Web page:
• Full-text Search – Capella provides Full-text Search capabilities out of the box to power search features for applications. Read about Capella’s Full-text Search capabilities in this article.
    • Vector search – Capella includes vector search to enable semantic search and RAG for AI. Read more about vector search in Capella here.
    • Columnar analytics – Capella provides a columnar store and extensive data integration with the Capella DBaaS and other databases via Kafka, allowing for real-time operational analytics without ETL. Learn more about the Capella columnar service in this blog.
    • Time series – Capella supports time-series data for IoT applications. To learn more about Capella’s time series support, read this blog.
    • Graph traversal – Support for graph traversal to understand entity relationships and provide more context for AI prompts. This blog provides details on Couchbase graph traversal capabilities.
    • Embedded mobile database – Capella App Services includes an embedded database for mobile and IoT apps that runs on-device, eliminating internet dependencies. Built-in sync to the Capella DBaaS ensures data remains consistent and accurate. Read more on Capella App Services here.

couchbase modern data architecture cloud and mobile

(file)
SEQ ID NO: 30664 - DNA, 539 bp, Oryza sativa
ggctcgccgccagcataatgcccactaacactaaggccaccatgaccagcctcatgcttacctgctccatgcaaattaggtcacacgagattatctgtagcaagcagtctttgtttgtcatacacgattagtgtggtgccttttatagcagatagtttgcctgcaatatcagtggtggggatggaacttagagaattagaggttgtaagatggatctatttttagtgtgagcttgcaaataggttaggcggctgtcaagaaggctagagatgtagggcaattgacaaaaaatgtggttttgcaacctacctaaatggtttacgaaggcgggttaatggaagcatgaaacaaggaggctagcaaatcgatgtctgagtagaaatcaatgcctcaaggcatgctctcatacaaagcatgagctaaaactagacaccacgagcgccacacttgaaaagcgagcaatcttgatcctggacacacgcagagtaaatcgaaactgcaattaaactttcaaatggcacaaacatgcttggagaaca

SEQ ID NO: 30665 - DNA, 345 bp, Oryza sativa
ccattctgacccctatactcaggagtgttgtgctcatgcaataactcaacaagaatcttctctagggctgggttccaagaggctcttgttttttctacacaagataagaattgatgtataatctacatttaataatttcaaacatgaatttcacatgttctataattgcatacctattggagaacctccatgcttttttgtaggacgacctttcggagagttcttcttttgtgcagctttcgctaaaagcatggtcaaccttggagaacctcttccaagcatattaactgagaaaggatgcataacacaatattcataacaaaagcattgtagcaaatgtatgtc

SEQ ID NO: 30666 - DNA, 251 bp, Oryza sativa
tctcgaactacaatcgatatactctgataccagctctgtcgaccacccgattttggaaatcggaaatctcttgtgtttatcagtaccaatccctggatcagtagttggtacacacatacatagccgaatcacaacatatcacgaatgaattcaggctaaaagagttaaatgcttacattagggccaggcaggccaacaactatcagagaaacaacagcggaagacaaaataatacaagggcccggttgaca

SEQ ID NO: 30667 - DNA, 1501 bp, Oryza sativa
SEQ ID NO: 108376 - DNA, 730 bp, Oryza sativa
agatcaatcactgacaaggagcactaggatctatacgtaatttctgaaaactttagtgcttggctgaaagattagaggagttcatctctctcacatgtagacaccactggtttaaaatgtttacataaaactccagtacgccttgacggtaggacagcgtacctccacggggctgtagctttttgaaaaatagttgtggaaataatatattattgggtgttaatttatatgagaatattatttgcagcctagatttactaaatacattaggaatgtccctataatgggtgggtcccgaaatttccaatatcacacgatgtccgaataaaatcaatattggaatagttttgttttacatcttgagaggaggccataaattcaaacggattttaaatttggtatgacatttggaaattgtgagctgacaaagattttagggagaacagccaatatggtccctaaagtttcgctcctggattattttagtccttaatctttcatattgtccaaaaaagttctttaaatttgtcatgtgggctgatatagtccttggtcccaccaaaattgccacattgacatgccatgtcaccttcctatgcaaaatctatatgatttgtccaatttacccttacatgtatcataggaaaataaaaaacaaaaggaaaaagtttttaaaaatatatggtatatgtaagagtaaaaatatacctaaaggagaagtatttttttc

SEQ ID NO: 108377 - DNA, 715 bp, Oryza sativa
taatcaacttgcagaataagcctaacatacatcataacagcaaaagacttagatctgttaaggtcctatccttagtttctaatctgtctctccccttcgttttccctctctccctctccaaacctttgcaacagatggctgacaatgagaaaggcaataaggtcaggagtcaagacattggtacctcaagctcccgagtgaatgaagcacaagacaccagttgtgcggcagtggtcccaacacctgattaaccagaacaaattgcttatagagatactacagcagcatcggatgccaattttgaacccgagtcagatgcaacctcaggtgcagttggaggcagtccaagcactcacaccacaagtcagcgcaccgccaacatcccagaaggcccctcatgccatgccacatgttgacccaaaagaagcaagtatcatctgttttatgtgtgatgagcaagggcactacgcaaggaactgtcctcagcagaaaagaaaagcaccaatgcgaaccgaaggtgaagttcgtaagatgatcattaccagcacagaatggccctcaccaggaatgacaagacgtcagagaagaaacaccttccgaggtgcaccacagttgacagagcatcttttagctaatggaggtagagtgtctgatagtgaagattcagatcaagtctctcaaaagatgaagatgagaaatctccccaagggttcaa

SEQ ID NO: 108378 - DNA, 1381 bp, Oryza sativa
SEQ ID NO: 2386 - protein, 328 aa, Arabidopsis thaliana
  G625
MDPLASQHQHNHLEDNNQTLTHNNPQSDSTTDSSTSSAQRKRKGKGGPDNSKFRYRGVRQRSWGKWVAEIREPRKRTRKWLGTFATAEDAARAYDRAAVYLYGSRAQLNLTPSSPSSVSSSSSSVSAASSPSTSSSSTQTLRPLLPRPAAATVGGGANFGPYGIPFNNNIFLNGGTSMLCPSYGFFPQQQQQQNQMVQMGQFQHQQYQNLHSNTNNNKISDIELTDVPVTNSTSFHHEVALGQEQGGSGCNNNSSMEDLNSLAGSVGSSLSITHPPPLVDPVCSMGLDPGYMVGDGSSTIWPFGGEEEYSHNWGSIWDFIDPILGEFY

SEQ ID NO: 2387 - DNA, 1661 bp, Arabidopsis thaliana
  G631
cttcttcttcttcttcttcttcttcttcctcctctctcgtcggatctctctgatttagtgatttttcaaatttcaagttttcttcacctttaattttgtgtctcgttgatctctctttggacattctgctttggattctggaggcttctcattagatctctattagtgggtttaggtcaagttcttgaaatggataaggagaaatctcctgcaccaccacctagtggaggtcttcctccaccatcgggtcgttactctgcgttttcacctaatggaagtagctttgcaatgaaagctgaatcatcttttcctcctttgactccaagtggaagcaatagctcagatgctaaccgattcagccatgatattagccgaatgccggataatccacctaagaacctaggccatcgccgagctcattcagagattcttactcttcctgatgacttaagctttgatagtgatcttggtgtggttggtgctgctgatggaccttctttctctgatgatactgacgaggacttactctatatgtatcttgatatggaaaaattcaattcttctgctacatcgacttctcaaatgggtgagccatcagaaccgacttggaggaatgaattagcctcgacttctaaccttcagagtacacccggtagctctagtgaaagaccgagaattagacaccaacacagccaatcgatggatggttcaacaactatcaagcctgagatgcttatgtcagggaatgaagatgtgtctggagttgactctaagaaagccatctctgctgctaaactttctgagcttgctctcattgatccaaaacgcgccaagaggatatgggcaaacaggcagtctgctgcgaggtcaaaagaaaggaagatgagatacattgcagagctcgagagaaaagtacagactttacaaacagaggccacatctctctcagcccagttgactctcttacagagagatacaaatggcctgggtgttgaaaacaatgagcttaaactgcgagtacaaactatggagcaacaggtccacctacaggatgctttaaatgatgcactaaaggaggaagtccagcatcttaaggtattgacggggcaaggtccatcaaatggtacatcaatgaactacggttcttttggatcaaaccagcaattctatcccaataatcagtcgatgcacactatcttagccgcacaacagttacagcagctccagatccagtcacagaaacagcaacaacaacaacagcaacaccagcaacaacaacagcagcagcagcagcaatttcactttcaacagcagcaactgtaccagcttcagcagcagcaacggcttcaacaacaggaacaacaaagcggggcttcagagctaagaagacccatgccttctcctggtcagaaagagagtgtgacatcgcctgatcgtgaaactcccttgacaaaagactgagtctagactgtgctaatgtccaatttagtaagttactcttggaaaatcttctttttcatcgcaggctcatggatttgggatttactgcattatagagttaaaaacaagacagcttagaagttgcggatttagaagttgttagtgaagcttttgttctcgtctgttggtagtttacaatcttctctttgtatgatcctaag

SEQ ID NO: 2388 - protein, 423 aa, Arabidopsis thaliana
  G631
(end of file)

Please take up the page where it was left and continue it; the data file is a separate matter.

Consolidate to Couchbase Capella

By providing all of these capabilities in a single database technology, Couchbase eliminates the need for a multitude of function-specific databases, allowing you to dramatically reduce your database stack and overall data footprint, saving you time, storage, effort and money.

Viber: real-world benefits of database consolidation

Viber provides audio and video calls, messaging and other communication services through their massively popular app, and they are growing rapidly. Viber uses Couchbase to process up to 15 billion calling and messaging events per day. Couchbase updates user profiles in near-real time, delivering a responsive user experience. By replacing MongoDB™ (a NoSQL document database) and Redis (an in memory key-value database) with a Couchbase, Viber reduced the number of servers required to power their applications from 300 to 120 — a 60% reduction with massive cost savings.

Consolidate your database stack to Couchbase and start realizing the benefits in your own organization! Sign up for your free trial of Couchbase Capella here.


Posted by Mark Gamble, Dir Product & Solutions Mktg, Couchbase

I am a passionate product marketer with a technical and solution consulting background and 20+ years of experience in Enterprise and Open Source technology. I have launched several database and analytic solutions throughout my career, and have worked with customers across a wide variety of industries including Financial Services, Automotive, Hospitality, High-Tech and Healthcare. I have particular expertise in analytics and AI, love all things data, and am an emphatic supporter of data-for-good initiatives.